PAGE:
Old and New Trends Influencing the Introduction of New Nursery CropsIssues in New Crops and New Uses
Document TypeConference Proceeding
ConferenceSixth National Symposium Creating Markets for Economic Development of New Crops and New Uses
Publication VersionPublished Version
Conference TitleSixth National Symposium Creating Markets for Economic Development of New Crops and New Uses
Conference DateOctober 14-18, 2006
AbstractAt the First National New Crops Symposium in 1988, I reported on four trends that were influencing the introduction of new landscape plants (Widrlechner 1990). These trends were: 1. increased interest in, and use of, low-input plantings; 2. edible landscaping; 3. in vitro propagation methods; and 4. ways to overcome limitations caused by urban conditions. But trends, by their very nature, are dynamic; what was timely twenty years ago can be passé today. The environment in which nursery producers and retailers operate continually evolves, and the trends that affect them and their consumers need periodic re-analysis. Thus, the objectives of this brief review are to examine how past trends have fared and to describe some trends that now supplant them or are poised to become more important.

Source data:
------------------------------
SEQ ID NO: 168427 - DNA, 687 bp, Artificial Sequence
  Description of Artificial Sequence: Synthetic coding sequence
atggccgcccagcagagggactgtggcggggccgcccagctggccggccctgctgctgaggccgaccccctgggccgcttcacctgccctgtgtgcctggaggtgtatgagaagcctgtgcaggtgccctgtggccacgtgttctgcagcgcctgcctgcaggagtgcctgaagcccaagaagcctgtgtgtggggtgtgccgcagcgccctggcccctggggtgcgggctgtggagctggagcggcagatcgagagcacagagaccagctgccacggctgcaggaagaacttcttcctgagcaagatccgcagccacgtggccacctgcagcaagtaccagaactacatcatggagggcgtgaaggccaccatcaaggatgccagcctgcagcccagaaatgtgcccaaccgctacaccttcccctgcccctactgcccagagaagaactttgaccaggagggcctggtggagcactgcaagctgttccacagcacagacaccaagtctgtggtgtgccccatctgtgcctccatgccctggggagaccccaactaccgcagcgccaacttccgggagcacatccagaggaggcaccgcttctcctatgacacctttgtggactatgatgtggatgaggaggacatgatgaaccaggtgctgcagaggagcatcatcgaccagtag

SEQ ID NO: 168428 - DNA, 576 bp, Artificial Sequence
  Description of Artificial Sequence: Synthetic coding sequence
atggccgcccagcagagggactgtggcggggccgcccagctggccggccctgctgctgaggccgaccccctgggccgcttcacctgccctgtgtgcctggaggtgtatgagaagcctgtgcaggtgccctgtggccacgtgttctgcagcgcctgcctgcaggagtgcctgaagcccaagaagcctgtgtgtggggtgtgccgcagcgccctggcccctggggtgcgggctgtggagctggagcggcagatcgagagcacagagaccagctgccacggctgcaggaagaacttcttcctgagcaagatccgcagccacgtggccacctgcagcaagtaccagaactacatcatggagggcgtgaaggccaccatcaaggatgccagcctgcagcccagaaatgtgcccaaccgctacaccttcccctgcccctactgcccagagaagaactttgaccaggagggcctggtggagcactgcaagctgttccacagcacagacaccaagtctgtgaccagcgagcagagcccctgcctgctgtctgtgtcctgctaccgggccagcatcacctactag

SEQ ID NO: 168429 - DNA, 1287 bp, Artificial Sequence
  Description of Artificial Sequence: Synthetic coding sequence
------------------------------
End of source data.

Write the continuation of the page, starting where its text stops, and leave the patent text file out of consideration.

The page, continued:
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Citation InformationMark P. Widrlechner. "Old and New Trends Influencing the Introduction of New Nursery Crops" San Diego, CaliforniaIssues in New Crops and New Uses (2007) p. 237 - 245
Available at: http://works.bepress.com/mark_widrlechner/124/